Norwegian Government clarifies framework conditions
The Conservative Party’s business policy spokesman, Gunnar Gundersen, voices his support for the Non-Annex 1 raw material price compensation system (RÅK). At the same time, Norway’s new Minister for EEA and EU Affairs, Vidar Helgesen, says he sees no need to reduce tariff rates for products such as pizza, chocolate and soups.
In today’s issue (21.11) of the DN business tabloid, Conservative Party business policy spokesman Gunnar Gundersen voices his support for the Non-Annex 1 system (RÅK). Under this system, Norwegian manufacturers of processed agricultural products receive compensation for purchasing more expensive Norwegian raw materials. The system is designed to even out the difference in the prices of Norwegian and foreign raw materials.
“For Orkla, this is an extremely important business policy signal. We at Orkla acknowledge the mutually dependent relationship between the food industry and the agricultural sector. A competitive industry is a prerequisite for the sale of Norwegian agricultural products, and it looks as though the Government now agrees on that point,” says Orkla Executive VP Håkon Mageli.
Earlier this week, Minister for EEA and EU Affairs Vidar Helgesen stated that Norway does not wish to enter into negotiations with the EU on Protocol 3 to the EEA Agreement. The protocol regulates the tariff rates forprocessed agricultural productssuch as pizza, chocolate and soups.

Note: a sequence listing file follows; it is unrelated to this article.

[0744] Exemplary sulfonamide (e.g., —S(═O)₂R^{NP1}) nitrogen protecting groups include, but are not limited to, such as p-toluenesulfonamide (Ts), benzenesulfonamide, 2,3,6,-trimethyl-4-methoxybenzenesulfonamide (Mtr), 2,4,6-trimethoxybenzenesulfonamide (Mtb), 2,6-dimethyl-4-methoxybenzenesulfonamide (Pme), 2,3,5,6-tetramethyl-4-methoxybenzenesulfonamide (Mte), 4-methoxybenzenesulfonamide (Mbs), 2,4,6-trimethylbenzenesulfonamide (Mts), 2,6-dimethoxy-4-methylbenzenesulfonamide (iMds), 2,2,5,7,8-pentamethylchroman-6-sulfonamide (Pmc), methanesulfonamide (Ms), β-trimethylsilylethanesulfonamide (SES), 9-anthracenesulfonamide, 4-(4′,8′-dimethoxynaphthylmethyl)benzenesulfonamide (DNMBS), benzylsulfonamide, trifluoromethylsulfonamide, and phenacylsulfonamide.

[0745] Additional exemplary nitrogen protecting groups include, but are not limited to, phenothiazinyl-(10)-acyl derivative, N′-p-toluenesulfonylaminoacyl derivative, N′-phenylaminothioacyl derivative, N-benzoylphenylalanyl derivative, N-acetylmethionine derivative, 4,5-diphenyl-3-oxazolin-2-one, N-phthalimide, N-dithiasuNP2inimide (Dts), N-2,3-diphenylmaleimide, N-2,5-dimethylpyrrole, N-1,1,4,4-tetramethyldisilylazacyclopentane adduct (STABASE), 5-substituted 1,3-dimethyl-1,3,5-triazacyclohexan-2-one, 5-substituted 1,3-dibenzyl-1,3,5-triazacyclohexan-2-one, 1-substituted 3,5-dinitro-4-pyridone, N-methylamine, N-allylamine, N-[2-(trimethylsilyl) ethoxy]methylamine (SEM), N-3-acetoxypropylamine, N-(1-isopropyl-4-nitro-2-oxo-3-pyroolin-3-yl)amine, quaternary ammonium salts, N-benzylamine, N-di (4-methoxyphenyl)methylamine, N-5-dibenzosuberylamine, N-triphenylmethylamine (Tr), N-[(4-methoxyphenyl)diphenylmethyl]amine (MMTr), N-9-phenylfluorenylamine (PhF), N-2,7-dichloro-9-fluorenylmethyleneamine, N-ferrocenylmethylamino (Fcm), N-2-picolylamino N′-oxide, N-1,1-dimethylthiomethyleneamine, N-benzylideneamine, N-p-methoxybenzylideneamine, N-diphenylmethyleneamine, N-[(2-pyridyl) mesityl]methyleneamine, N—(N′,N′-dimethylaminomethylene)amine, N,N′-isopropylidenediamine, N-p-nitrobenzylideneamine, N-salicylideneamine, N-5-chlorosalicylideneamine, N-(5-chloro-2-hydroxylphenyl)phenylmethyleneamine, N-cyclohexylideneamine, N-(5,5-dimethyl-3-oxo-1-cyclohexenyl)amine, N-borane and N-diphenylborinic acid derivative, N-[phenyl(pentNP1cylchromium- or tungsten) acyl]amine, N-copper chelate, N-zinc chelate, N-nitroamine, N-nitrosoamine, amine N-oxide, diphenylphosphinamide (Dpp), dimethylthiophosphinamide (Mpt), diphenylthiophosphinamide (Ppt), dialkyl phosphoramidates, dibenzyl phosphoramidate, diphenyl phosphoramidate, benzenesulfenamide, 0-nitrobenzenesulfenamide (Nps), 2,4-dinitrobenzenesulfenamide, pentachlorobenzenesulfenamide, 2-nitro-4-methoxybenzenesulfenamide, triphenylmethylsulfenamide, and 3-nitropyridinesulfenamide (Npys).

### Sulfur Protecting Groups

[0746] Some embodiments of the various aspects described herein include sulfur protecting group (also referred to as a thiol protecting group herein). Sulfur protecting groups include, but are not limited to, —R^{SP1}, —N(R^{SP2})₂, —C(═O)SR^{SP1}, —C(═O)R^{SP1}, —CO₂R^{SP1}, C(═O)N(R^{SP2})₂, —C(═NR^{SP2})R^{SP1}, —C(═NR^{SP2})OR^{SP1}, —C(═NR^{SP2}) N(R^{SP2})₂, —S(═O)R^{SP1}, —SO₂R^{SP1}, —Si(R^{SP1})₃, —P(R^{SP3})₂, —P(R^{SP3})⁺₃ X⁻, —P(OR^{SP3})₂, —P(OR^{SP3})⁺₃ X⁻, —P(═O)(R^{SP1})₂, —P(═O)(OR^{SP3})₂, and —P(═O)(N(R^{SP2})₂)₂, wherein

At the same time, Vidar Helgesen made it clear that the Government takes a different stance onagricultural raw materials, such as cheese, meat and vegetables, in respect of which Norway and the EU have committed themselves to mutual tariff reductions in Article 19 of the EEA Agreement.
“We wish to respect Article 19 both in letter and in spirit. It is in Norway’s general interests to be loyal to the Agreement by reducing tariff rates and countering protectionism,” Mr. Helgesen said to the ABC Nyheter news agency.
Important for Orkla
Håkon Mageli takes a positive view of the fact that the Minister for EEA and EU Affairs now does not appear to be entering into negotiations with EU on Protocol 3. “As far as Orkla is concerned, the EEA Agreement is absolutely pivotal. We have operations in both the EU and Norway. The EEA Agreement and other legislation governing food determine the premises for a great deal of our activity,” says Mr. Mageli.
He emphasises that 90 per cent of Orkla’s food products in Norway are already exposed to considerable foreign competition, and that negotiations on reducing tariff rates for processed agricultural products should not be on Norway’s agenda.
“Import statistics speak for themselves. Far more processed agricultural products are imported to Norway than are exported. This shows that tariff rates for products entering Norway are moderate under Protocol 3,” Mr. Mageli points out.